Ironically, though he is quoted several times, the only words used to describe Anthony Lewis in Chomsky and Herman’s Manufacturing Consent are almost identical to those chosen by Eric Alterman. Alterman calls him “the most radical voice in the American mainstream.” Chomsky and Herman called him “perhaps the most outspoken critic of the war in the mainstream media.” Alterman seems to have misinterpreted this as an attack on Lewis by Chomsky, but the point was simply to show how the media propaganda system effectively restricts the debate. In other places Chomsky used phrases such as “the outer limits of critical independence” and “the far left of the spectrum” to describe Lewis’s position in the mainstream (in a November, 1997 Z Magazine article), but I can find nowhere where he impugned Lewis or his motives personally. One can actually agree with Lewis, disagree with Chomsky, or whatever, while still accepting his central point as valid: Had Lewis suggested that Vietnam was anything less than well-intentioned mistake, he would not have been allowed to write for the mainstream press.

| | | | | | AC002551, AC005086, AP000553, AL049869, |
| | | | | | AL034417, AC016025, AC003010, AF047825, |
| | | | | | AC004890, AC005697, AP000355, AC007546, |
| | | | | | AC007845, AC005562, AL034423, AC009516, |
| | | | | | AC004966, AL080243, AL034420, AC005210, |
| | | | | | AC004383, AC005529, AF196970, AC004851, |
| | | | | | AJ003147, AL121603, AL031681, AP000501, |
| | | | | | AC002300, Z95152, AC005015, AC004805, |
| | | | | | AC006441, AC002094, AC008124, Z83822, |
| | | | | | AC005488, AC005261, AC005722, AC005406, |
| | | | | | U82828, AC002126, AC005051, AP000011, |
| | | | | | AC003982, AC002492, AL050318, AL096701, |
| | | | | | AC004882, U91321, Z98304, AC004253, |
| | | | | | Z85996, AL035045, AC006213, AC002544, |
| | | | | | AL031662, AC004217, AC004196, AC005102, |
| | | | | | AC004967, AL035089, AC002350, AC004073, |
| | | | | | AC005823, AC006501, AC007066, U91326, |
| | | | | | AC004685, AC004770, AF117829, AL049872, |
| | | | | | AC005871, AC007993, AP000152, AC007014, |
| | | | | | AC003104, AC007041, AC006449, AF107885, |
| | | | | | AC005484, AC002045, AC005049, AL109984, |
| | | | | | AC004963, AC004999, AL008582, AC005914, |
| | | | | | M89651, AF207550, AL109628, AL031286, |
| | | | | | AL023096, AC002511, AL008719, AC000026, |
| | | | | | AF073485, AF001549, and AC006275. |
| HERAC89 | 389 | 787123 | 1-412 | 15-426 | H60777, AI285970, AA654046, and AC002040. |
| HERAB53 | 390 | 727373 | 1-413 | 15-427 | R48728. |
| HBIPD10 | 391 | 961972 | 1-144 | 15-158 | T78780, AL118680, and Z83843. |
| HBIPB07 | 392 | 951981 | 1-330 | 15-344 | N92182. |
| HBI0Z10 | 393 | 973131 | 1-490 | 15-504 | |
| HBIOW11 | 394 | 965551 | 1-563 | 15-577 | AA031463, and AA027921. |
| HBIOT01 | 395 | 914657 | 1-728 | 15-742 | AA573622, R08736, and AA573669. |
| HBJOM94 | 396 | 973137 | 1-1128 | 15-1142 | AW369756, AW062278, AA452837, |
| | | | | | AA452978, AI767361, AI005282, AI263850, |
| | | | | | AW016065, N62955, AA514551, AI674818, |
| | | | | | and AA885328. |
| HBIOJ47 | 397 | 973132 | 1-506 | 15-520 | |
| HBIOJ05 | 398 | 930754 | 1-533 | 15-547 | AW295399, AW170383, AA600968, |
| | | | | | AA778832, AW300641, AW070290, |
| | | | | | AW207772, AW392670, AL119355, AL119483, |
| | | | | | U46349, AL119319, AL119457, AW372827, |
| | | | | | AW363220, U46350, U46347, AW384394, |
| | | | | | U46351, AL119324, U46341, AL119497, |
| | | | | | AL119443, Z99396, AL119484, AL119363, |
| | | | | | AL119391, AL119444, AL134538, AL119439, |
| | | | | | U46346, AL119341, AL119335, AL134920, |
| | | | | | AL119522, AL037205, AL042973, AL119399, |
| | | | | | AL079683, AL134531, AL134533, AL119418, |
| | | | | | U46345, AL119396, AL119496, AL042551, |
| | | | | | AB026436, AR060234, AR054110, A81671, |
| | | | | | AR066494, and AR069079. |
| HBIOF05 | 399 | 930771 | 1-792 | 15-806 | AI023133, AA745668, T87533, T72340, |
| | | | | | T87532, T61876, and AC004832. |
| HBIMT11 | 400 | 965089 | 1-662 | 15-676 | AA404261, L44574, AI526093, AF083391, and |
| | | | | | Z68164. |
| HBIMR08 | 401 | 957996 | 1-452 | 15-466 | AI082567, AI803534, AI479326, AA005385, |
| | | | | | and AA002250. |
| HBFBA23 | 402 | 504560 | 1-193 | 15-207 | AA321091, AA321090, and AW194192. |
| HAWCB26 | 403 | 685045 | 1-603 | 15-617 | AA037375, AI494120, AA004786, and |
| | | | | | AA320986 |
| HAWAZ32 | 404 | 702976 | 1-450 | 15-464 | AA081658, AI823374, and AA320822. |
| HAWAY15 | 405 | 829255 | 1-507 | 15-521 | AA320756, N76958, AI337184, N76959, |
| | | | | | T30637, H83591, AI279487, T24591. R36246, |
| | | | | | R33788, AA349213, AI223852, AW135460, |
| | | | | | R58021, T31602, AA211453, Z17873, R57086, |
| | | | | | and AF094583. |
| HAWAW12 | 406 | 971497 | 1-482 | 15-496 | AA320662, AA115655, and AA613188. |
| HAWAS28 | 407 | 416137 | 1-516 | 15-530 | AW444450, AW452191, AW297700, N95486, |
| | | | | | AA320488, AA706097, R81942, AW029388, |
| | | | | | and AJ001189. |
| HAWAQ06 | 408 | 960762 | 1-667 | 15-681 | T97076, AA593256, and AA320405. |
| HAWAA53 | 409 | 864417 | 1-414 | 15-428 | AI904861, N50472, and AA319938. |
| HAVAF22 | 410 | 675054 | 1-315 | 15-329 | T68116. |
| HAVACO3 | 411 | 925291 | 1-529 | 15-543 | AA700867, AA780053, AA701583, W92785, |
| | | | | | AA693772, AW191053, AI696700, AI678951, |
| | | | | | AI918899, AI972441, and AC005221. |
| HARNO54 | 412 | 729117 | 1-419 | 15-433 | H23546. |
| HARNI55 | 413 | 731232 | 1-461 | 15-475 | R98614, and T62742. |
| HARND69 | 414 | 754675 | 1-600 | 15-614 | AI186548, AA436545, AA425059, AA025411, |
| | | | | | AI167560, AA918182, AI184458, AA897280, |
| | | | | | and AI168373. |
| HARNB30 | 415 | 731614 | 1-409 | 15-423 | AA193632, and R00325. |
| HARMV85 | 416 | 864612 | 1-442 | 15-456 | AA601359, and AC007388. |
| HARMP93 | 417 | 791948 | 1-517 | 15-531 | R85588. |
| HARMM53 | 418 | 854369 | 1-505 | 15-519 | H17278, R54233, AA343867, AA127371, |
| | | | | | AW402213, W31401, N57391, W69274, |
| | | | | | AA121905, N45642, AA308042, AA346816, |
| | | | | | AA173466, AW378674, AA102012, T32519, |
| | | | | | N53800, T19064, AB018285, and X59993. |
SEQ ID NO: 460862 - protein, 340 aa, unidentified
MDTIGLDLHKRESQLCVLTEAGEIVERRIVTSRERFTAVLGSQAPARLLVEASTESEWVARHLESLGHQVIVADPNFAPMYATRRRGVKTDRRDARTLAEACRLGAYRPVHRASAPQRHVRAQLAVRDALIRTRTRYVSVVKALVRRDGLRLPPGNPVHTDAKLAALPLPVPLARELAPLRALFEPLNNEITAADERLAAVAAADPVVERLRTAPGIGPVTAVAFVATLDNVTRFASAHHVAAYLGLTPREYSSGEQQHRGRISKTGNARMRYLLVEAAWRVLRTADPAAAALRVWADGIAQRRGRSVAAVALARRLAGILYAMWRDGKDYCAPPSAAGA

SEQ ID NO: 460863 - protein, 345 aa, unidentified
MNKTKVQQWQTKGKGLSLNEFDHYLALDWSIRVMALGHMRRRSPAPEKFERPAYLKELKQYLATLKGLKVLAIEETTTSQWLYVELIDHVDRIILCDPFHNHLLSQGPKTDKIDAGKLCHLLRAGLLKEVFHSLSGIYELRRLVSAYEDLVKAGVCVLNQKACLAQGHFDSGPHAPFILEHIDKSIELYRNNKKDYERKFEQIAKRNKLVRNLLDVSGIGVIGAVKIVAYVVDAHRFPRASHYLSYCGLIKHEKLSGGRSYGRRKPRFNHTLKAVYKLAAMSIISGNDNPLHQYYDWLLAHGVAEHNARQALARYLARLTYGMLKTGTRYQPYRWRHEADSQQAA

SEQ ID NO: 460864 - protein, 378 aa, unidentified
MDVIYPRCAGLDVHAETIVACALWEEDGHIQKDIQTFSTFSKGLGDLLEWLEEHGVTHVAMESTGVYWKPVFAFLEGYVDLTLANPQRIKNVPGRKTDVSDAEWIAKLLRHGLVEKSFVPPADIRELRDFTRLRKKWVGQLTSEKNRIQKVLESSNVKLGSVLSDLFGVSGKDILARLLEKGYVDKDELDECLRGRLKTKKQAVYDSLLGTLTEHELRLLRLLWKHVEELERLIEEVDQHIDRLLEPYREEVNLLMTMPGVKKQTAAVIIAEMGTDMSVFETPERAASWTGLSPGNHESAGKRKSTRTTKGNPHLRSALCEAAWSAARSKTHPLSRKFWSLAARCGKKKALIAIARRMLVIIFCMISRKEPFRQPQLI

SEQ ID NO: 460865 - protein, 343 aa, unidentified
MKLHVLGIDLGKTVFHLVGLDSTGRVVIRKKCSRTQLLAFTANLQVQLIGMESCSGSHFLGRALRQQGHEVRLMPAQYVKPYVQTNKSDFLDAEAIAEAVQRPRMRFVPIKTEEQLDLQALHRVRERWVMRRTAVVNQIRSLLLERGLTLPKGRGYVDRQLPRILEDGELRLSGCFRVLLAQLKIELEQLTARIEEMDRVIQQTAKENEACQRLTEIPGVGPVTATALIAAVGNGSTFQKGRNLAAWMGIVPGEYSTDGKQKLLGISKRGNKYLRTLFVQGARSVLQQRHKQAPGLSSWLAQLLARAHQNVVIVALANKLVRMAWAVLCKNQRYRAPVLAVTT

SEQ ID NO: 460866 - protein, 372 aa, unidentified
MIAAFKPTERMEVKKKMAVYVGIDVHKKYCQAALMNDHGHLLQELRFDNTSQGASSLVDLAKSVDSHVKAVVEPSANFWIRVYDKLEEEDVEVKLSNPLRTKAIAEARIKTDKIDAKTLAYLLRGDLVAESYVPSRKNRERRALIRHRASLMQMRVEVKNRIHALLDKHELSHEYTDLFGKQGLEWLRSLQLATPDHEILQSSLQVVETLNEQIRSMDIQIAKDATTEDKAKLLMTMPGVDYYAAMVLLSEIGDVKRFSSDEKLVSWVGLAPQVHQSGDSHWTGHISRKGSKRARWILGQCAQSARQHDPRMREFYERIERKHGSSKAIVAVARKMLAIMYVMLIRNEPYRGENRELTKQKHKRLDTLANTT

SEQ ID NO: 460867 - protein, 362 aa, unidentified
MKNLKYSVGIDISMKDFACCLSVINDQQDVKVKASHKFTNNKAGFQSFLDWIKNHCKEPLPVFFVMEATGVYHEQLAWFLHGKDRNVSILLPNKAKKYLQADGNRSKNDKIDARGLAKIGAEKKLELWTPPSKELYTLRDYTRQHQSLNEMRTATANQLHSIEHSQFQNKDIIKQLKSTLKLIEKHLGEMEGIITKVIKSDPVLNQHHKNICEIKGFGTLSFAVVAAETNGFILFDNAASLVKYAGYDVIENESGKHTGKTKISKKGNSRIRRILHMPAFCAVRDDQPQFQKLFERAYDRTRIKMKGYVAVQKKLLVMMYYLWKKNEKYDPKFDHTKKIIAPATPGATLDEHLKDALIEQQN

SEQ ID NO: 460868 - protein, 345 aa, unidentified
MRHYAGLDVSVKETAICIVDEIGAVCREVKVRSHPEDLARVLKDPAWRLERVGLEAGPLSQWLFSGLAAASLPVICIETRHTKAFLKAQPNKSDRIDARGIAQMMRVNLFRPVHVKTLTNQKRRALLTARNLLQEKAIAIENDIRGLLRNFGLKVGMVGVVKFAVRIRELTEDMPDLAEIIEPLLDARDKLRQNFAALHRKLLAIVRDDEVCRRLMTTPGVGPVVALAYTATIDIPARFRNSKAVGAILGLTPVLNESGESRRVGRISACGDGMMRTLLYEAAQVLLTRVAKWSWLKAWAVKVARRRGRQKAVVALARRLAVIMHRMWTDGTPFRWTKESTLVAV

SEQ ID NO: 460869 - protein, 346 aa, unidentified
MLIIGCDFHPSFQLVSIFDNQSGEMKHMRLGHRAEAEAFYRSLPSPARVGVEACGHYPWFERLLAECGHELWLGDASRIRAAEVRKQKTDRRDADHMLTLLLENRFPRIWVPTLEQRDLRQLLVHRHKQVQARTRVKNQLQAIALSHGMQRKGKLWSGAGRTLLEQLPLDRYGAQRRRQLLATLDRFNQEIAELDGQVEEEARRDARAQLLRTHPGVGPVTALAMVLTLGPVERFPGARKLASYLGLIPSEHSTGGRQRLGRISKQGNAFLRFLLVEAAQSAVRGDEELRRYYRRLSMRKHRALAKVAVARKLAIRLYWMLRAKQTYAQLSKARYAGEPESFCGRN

I am not sure why reflexive Chomsky-bashing remains a litmus test for liberal pundits to prove their maturity, but I highly recommend Glenn Greenwald’s recent column for The Guardian “How Noam Chomsky is discussed.”